It’s refreshing to see Bruce Berkowitz fighting with David Einhorn over the St. Joe, not just because they have opposing positions on the stock, but because it’s refreshing for a mutual fund manager to be taking a stand on anything.
At a time when so many fund managers are just index huggers — with slight variations depending on how “overweight” or “underweight” they are various names — Berkowitz actually takes big decisive positions in only a handful of stocks and he even times the market.
And it’s paid off. In August, Brett Arends at the WSJ pointed out that he’s been the best fund manager for 10 years.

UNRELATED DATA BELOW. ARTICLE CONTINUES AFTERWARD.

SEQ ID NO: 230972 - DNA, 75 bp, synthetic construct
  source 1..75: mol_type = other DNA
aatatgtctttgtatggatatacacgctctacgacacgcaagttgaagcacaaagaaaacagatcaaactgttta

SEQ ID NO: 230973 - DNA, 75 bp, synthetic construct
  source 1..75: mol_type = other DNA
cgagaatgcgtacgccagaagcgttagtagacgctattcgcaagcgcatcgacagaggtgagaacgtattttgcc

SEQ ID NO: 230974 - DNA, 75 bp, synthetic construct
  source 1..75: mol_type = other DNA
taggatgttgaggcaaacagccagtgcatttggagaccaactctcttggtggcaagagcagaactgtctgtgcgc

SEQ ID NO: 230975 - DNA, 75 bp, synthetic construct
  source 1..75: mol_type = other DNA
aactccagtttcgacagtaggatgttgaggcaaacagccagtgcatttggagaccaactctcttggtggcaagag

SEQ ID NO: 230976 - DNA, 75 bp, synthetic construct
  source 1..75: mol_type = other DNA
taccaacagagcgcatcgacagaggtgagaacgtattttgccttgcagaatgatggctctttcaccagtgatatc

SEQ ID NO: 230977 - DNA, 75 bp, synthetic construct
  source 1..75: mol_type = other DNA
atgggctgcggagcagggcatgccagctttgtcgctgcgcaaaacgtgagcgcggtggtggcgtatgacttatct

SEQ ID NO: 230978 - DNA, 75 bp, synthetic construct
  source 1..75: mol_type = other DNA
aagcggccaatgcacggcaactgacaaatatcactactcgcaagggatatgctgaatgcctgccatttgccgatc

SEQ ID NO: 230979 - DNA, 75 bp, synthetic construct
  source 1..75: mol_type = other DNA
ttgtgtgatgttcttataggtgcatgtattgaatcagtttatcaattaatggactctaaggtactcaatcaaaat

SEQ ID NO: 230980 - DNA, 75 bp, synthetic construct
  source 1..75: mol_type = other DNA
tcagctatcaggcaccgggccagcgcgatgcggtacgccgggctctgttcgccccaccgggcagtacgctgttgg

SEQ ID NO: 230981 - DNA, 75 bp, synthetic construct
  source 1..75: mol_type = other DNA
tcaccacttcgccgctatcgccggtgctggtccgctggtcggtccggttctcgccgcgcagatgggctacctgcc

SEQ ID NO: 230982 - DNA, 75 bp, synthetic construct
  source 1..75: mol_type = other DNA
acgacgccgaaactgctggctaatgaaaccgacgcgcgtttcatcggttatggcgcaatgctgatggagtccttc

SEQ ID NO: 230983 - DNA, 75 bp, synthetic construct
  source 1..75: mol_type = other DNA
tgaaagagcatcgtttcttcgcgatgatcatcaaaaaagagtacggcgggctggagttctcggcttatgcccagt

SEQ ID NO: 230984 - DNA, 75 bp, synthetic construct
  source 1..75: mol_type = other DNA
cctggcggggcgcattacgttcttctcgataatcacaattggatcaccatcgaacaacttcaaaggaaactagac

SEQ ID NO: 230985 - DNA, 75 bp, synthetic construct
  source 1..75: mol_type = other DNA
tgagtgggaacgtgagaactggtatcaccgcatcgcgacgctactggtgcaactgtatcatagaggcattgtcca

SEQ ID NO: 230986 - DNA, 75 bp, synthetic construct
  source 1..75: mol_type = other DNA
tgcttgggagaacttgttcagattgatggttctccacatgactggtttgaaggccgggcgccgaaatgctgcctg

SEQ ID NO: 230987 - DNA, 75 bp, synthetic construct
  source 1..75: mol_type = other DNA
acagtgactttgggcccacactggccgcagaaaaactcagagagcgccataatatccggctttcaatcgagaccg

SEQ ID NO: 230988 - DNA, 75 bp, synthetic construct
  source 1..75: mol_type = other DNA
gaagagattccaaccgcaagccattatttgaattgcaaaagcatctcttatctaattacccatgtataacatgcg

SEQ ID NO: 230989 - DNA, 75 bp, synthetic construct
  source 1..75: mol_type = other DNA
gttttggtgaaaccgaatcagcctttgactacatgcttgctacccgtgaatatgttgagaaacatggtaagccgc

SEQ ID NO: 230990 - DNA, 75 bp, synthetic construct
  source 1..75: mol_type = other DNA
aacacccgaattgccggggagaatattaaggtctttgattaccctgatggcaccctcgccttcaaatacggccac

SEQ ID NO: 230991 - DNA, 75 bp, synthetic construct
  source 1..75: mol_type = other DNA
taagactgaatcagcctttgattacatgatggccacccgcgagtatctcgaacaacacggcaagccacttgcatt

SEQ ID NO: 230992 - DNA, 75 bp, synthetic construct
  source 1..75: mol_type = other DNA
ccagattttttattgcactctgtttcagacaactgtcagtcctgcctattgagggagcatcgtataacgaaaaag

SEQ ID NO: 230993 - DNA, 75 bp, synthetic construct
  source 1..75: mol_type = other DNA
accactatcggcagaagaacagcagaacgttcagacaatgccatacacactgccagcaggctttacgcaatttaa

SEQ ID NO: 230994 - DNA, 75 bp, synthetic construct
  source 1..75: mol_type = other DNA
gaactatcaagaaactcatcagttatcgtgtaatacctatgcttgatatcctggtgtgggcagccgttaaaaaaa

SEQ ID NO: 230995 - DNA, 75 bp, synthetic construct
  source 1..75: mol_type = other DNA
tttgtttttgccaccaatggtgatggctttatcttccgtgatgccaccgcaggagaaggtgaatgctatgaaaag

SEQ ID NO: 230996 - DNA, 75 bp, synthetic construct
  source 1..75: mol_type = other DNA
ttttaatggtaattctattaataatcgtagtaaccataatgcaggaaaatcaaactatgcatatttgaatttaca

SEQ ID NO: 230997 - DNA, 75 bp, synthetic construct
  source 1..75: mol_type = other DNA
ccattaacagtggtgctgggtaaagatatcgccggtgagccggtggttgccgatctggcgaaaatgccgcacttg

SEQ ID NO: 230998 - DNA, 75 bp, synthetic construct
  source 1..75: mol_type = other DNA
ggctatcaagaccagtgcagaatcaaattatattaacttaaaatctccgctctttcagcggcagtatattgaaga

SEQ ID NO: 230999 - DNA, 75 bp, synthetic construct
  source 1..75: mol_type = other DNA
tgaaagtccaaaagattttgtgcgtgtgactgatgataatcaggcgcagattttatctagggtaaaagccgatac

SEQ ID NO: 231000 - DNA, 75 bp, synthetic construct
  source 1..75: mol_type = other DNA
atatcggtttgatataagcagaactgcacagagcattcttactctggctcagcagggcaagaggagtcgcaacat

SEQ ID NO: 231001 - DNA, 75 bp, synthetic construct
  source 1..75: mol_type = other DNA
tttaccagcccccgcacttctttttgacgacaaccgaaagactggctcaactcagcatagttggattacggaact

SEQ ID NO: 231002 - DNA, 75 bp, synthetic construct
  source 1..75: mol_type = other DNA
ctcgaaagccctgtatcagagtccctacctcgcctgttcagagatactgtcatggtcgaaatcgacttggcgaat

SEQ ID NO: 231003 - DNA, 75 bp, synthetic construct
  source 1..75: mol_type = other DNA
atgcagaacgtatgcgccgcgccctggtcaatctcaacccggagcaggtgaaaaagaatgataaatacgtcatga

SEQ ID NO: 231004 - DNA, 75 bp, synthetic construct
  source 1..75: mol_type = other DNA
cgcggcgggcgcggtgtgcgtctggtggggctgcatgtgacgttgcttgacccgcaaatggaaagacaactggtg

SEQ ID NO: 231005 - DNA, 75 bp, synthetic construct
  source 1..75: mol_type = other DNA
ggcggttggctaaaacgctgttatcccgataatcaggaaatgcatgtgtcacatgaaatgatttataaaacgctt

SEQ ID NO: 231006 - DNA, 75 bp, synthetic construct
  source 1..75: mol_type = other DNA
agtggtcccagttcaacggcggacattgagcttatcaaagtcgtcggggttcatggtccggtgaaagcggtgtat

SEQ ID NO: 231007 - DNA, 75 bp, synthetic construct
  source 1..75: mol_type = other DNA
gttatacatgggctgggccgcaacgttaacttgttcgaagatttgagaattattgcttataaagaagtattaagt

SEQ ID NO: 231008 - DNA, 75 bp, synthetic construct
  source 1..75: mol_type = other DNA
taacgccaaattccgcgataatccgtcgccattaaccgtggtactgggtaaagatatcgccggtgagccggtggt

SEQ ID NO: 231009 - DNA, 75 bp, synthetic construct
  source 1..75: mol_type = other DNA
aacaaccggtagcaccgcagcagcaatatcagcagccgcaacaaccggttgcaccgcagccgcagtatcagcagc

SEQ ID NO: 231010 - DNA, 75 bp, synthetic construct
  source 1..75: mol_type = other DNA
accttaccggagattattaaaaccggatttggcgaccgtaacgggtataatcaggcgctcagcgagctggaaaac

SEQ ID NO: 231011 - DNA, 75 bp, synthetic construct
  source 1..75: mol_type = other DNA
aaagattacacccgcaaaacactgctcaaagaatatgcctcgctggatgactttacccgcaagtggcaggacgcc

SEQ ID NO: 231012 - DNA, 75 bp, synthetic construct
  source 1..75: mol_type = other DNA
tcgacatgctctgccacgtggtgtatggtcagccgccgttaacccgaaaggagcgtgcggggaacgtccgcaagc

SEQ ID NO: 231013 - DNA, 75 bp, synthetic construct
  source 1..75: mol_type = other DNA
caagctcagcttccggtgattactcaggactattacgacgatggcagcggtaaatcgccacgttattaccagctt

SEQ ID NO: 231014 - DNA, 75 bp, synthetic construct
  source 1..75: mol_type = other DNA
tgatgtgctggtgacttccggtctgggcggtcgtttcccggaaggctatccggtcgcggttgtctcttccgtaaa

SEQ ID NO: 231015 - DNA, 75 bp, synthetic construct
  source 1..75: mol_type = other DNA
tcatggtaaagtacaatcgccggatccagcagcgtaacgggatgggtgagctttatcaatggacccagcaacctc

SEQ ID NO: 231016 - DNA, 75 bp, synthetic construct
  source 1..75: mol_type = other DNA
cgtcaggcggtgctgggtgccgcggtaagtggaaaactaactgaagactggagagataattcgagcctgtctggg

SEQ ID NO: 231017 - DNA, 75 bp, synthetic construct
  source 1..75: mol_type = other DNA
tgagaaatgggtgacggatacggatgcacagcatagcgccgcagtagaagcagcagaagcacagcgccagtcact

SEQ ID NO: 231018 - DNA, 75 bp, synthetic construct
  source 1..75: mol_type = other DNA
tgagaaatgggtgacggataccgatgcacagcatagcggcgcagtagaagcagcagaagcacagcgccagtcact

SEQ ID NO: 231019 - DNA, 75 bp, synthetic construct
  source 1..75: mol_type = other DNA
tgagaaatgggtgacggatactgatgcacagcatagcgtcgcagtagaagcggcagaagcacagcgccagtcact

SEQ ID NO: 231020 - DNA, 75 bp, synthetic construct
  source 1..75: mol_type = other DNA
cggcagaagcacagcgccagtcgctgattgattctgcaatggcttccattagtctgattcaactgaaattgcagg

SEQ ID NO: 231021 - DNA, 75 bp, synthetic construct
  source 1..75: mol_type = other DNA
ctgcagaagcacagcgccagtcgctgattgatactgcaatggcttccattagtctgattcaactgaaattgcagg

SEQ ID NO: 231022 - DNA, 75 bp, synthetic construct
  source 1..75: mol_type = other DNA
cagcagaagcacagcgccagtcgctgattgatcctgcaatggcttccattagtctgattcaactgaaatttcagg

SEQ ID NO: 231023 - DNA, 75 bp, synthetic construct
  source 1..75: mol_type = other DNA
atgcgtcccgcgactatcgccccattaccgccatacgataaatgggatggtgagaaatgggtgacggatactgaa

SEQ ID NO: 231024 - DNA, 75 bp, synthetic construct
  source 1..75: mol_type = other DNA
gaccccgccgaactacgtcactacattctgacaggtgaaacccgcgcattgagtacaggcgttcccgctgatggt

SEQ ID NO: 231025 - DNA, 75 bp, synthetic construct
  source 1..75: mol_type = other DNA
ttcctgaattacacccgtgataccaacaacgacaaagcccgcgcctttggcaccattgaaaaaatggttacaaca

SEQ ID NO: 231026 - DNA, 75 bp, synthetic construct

How has he done it? Morningstar analyst Mike Breen explains that Mr. Berkowitz–like another famous contrarian investor, Warren Buffett–likes to take big bets on a few names he feels strongly about. He puts those names through tough stress tests–”he tries to kill the company,” as Mr. Breen puts it–before buying. (Mr. Berkowitz could not be reached for comment.) Unlike Mr. Buffett, he’s willing to switch around a lot. With remarkable timing, he jumped out of energy stocks near the peak two years ago, hunkered down in defensives for much of the crash, and bought financials last year. “He’s reinvented the portfolio three or four times,” says Mr. Breen.
Mebane Faber — via whom we discovered the Arends article — created this chart to show just how well Berkowitz’s Fairholme Fund has performed.
Don’t miss: David Einhorn’s presentation on St. Joe >
Photo: Mebane Faber
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